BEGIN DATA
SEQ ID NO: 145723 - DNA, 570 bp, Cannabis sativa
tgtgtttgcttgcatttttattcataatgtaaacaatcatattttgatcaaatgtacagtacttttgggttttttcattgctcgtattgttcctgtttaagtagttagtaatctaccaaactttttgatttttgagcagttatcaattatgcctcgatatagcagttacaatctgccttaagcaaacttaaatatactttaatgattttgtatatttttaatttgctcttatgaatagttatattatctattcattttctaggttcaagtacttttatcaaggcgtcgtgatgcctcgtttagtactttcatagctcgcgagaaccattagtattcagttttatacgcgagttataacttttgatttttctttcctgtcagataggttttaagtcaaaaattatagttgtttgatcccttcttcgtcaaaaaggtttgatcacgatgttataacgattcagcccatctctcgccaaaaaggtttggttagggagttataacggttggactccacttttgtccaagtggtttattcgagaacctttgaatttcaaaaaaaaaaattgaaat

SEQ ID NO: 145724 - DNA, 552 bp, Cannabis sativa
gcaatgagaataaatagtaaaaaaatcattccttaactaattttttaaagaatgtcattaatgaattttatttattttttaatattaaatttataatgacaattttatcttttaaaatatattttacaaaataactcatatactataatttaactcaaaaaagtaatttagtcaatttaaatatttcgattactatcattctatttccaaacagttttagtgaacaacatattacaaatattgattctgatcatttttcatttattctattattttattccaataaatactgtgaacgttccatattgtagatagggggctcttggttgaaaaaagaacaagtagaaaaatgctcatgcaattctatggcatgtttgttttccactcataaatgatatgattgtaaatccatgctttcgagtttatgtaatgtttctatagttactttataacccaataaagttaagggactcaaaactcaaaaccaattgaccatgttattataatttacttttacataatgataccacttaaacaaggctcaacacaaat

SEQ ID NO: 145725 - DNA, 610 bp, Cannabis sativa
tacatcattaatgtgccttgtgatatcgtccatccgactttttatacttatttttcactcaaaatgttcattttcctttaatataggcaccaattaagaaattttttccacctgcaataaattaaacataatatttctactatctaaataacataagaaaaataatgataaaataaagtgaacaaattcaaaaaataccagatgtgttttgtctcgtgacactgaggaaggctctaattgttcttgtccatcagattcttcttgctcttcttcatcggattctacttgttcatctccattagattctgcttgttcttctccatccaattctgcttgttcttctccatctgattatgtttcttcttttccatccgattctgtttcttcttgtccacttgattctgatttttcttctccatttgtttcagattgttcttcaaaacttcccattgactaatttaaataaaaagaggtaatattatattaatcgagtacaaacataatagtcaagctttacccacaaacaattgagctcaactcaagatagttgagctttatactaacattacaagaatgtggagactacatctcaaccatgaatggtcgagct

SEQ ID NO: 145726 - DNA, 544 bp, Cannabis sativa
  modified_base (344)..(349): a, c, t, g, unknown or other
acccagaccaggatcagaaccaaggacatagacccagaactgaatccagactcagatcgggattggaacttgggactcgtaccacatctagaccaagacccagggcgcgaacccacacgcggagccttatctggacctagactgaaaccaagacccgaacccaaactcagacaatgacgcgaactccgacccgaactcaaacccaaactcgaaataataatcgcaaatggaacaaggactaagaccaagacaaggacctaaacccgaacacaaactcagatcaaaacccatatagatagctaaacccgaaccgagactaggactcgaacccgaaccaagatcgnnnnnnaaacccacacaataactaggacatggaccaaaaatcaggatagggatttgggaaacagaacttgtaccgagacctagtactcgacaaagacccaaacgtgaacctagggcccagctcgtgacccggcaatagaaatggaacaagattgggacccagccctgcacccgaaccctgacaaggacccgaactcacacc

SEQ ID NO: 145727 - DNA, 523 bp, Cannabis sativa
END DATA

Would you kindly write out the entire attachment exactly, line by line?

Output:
SEQ ID NO: 145723 - DNA, 570 bp, Cannabis sativa
tgtgtttgcttgcatttttattcataatgtaaacaatcatattttgatcaaatgtacagtacttttgggttttttcattgctcgtattgttcctgtttaagtagttagtaatctaccaaactttttgatttttgagcagttatcaattatgcctcgatatagcagttacaatctgccttaagcaaacttaaatatactttaatgattttgtatatttttaatttgctcttatgaatagttatattatctattcattttctaggttcaagtacttttatcaaggcgtcgtgatgcctcgtttagtactttcatagctcgcgagaaccattagtattcagttttatacgcgagttataacttttgatttttctttcctgtcagataggttttaagtcaaaaattatagttgtttgatcccttcttcgtcaaaaaggtttgatcacgatgttataacgattcagcccatctctcgccaaaaaggtttggttagggagttataacggttggactccacttttgtccaagtggtttattcgagaacctttgaatttcaaaaaaaaaaattgaaat

SEQ ID NO: 145724 - DNA, 552 bp, Cannabis sativa
gcaatgagaataaatagtaaaaaaatcattccttaactaattttttaaagaatgtcattaatgaattttatttattttttaatattaaatttataatgacaattttatcttttaaaatatattttacaaaataactcatatactataatttaactcaaaaaagtaatttagtcaatttaaatatttcgattactatcattctatttccaaacagttttagtgaacaacatattacaaatattgattctgatcatttttcatttattctattattttattccaataaatactgtgaacgttccatattgtagatagggggctcttggttgaaaaaagaacaagtagaaaaatgctcatgcaattctatggcatgtttgttttccactcataaatgatatgattgtaaatccatgctttcgagtttatgtaatgtttctatagttactttataacccaataaagttaagggactcaaaactcaaaaccaattgaccatgttattataatttacttttacataatgataccacttaaacaaggctcaacacaaat

SEQ ID NO: 145725 - DNA, 610 bp, Cannabis sativa
tacatcattaatgtgccttgtgatatcgtccatccgactttttatacttatttttcactcaaaatgttcattttcctttaatataggcaccaattaagaaattttttccacctgcaataaattaaacataatatttctactatctaaataacataagaaaaataatgataaaataaagtgaacaaattcaaaaaataccagatgtgttttgtctcgtgacactgaggaaggctctaattgttcttgtccatcagattcttcttgctcttcttcatcggattctacttgttcatctccattagattctgcttgttcttctccatccaattctgcttgttcttctccatctgattatgtttcttcttttccatccgattctgtttcttcttgtccacttgattctgatttttcttctccatttgtttcagattgttcttcaaaacttcccattgactaatttaaataaaaagaggtaatattatattaatcgagtacaaacataatagtcaagctttacccacaaacaattgagctcaactcaagatagttgagctttatactaacattacaagaatgtggagactacatctcaaccatgaatggtcgagct

SEQ ID NO: 145726 - DNA, 544 bp, Cannabis sativa
  modified_base (344)..(349): a, c, t, g, unknown or other
acccagaccaggatcagaaccaaggacatagacccagaactgaatccagactcagatcgggattggaacttgggactcgtaccacatctagaccaagacccagggcgcgaacccacacgcggagccttatctggacctagactgaaaccaagacccgaacccaaactcagacaatgacgcgaactccgacccgaactcaaacccaaactcgaaataataatcgcaaatggaacaaggactaagaccaagacaaggacctaaacccgaacacaaactcagatcaaaacccatatagatagctaaacccgaaccgagactaggactcgaacccgaaccaagatcgnnnnnnaaacccacacaataactaggacatggaccaaaaatcaggatagggatttgggaaacagaacttgtaccgagacctagtactcgacaaagacccaaacgtgaacctagggcccagctcgtgacccggcaatagaaatggaacaagattgggacccagccctgcacccgaaccctgacaaggacccgaactcacacc

SEQ ID NO: 145727 - DNA, 523 bp, Cannabis sativa